Natural rubber is particularly important, as it is more open to speculation and more volatile than synthetic rubber. Bridgestone is set to use close to 1.8m tons of rubber for its tyres. If half that is natural rubber, that means 0.9m tons. If natural rubber cost an average of $5/kg in 2011 (that’s my estimate; it’s not disclosed by the company) and it uses 975k tons and the yen/dollar rate averages 80, then the total cost of that natural rubber to Bridgestone would be about 390 billion yen. At a cost per kg of $3.20 and a yen rate of 77 the overall cost should in theory decline to around 240bn yen — a boost to profit of 150bn yen, and this is for a company (Bridgestone) that is only forecasting 194bn in operating profit for 2011. This would be in addition to any positive impact from higher tyre prices or from operating leverage.

Thailand natural rubber price in US$/kg

So if, as I expect, production of autos in Japan soars in 2012, the OEM tyres will not be a potentially money-losing proposition as they may have been a few years ago. Naturally, the tyre suppliers would prefer to sell more replacement tyres, but a strong OEM tyre market leads to tight capacity and makes price wars less likely. In general, I see it as a positive environment for OEM tyres. How much growth can we expect? A range of 5-10% YoY in Japan OEM sales in 2012, biased towards the high end, would be reasonable in my view.

Replacement tyres on the other hand had a great 2011

What is most striking about replacement tyre in 2011 is the way that sales rebounded sharply after the Tohoku earthquake. The red line in the chart below shows the path of replacement tyre sales through the course of 2011. Note how it doesn’t show the usual seasonal slump in April and that the decline in May is muted. This strength may have been caused to some extent by an increase in car tyre prices announced by market leader Bridgestone on 9 February and implemented on 1 June 2011.

I think panic buying after the earthquake also played a part. In central Tokyo in the days following the quake, convenience stores were mostly emptied of staple foods and in the Bic Camera electronics store in Yurakucho near Ginza sales of batteries were being made on a strict allocation basis to prevent people buying up stock. It is possible that consumers were concerned that the proximity to the Fukushima nuclear powerplant of Sumitomo Rubber’s tyre factory in Shirakawa (also in Fukushima prefecture) would lead to shortages of tyres.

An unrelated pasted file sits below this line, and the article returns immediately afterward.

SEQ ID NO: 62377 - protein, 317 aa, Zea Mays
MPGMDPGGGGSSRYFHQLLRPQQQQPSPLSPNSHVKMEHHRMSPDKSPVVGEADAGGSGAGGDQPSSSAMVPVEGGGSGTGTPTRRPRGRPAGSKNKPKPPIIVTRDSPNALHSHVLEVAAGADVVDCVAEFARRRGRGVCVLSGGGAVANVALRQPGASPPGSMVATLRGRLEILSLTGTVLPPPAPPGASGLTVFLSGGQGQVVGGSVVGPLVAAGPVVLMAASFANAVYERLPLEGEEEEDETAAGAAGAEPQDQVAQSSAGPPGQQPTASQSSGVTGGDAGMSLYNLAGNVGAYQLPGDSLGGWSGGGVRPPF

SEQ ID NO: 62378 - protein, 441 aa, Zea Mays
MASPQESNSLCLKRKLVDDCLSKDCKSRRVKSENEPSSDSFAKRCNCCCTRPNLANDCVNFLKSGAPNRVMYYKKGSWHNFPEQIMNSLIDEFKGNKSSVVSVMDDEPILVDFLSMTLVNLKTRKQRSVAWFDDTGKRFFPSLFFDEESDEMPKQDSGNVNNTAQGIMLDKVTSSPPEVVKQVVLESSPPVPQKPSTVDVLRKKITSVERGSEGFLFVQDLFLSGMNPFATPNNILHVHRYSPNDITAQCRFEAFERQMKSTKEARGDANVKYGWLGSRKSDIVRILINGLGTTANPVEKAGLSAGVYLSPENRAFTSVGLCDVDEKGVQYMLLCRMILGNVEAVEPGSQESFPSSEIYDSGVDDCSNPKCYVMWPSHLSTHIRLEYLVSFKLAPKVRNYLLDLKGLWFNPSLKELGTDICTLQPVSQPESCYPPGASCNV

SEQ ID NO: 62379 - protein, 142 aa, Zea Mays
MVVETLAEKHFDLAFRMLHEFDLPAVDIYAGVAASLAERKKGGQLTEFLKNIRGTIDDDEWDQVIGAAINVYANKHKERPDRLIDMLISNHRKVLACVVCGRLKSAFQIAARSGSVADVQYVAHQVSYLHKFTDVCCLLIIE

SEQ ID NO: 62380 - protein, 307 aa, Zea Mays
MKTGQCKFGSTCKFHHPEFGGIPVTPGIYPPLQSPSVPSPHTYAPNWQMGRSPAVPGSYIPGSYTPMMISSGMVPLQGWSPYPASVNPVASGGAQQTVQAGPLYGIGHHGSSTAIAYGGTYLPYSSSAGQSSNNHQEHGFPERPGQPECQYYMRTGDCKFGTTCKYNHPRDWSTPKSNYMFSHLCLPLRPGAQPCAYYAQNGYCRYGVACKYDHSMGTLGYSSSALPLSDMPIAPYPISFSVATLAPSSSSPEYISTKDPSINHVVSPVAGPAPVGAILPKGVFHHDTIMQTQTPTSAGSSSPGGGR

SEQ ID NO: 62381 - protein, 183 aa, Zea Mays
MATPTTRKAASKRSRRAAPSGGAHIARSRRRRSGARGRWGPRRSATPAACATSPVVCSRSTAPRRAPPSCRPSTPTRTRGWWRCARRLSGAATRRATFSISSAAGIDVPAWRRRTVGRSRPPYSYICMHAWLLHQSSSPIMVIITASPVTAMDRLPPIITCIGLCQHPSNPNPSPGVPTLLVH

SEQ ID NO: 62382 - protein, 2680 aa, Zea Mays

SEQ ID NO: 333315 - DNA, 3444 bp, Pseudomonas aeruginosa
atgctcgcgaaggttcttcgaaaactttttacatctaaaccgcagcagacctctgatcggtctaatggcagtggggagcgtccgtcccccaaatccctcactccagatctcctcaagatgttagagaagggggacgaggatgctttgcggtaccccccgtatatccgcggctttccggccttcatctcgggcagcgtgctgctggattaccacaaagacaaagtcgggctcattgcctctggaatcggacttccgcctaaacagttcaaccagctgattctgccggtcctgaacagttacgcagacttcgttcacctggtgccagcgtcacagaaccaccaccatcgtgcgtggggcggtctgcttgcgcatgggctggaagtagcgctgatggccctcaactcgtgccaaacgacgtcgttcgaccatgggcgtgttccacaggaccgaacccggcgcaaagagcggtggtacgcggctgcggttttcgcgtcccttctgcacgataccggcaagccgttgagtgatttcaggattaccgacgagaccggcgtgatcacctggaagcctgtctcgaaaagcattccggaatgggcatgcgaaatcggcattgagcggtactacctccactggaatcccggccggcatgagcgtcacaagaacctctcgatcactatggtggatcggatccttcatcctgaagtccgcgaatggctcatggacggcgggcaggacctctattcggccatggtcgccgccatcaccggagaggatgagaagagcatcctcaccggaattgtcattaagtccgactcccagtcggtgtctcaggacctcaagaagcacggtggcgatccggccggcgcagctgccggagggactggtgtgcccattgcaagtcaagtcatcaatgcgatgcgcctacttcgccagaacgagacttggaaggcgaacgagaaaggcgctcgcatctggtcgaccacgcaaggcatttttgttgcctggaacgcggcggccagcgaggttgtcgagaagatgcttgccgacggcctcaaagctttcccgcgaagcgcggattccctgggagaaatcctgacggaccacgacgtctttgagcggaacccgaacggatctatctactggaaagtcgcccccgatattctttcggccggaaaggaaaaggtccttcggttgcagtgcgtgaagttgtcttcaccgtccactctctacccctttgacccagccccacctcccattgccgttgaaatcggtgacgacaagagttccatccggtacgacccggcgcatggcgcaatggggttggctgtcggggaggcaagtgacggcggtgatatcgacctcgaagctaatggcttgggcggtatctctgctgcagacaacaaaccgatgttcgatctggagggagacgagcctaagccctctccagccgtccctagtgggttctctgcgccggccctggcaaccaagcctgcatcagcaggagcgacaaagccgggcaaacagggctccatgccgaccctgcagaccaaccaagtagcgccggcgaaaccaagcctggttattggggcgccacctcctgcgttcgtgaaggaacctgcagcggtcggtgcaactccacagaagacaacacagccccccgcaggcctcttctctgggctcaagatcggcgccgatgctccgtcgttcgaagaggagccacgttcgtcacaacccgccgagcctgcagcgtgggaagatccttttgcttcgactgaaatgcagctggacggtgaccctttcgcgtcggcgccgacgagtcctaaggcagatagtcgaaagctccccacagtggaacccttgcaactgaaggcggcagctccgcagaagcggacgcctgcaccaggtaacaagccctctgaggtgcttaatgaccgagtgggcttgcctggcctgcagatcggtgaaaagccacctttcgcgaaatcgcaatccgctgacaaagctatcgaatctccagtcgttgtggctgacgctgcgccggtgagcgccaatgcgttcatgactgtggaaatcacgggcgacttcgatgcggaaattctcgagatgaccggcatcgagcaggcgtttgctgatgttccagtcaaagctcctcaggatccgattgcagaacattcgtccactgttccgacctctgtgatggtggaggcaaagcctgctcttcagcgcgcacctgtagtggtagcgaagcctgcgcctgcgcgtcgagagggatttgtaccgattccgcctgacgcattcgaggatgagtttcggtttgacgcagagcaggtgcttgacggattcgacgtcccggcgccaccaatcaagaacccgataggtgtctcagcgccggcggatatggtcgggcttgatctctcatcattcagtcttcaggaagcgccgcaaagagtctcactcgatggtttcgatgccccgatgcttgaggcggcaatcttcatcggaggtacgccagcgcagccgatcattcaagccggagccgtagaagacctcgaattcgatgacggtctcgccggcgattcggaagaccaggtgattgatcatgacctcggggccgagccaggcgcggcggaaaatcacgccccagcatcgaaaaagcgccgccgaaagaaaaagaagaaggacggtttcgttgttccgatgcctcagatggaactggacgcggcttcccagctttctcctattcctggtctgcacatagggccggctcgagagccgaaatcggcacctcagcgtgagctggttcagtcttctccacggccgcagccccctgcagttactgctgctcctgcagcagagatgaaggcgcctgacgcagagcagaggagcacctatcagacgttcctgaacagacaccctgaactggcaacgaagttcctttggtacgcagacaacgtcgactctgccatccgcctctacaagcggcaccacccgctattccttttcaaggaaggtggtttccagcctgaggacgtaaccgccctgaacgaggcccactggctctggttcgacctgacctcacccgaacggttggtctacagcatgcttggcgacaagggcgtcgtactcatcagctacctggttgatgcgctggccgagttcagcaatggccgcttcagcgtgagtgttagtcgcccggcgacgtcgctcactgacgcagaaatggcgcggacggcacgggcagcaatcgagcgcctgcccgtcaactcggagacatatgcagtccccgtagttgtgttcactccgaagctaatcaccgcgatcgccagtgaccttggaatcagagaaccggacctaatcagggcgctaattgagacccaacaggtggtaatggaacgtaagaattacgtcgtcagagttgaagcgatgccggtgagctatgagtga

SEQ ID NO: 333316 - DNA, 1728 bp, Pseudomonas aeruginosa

Replacement tyre sales in Japan by month and year

Looking through the year in the chart below we can see that in April 2011 replacement tyres caught up with the levels recorded at the time point in previous years and that in May 2011 shipments even surpassed the relatively strong year of 2007. That strong performance continued through most of the rest of the year, although 2011 shipments fell slightly below 2007 levels during the final couple of months. Still, 2011 was a pretty good showing by any standards.

Running total of replacement tyre sales in Japan by year

Looking ahead to replacement tyre sales in 2012

I don’t expect a great deal from Japan in 2012, but I do expect growth in replacement tyres, though likely more modest than in 2011 and certainly 2010. From 1995 to 2008 the annual mean of replacement tyre sales was 72.6m units and only in 2011 replacement tyre shipments finally got back above the 70 million unit line after three years below. Why should it go any higher? The key is that tyres are consumables.

Annual sales of replacement tyres in Japan

Let’s take a fairly pessimistic (realistic?) view and assume that – major recessions aside – the ‘natural’ level of replacement tyre sales, given Japan’s vehicle park, was about 70m units for 2008 to 2010, or 210m units in total. We actually saw 200.5m units over that time, which suggests “missing” sales of 9.5m units. By “missing” I mean that drivers consciously deferred purchases of new tyres by driving longer on their existing tyre sets and accepting any reduction in performance or in safety. If we zoom in on the chart above by compressing the Y-axis the market’s cyclical rhythm becomes clearer. Sales rise, we get a recession, sales fall, sales rise again. Note that the upward leg of the cycle has in the past lasted for three years, so 2012 may be our last year of growth for a while. Of course, these things aren’t set in stone.

Japan annual replacement tyre sales, showing cyclical pattern

The process of deferring purchases has its limits due to the fact that tyres wear in use. I expect consumers who have held off on purchases of new tyres to do some buying in 2012. Now, overall economic activity including vehicle miles travelled will also have fallen during that time, so tyres will not have been worn as much and we may not get 9.5m units coming back. Still, an additional 5-6m units or so might be possible, although that would probably be spread across 2012 and 2013. An incremental sell of 3m units in 2012 would be equivalent to 4.2% YoY and that’s probably all we can hope for in Japan. But that might be enough…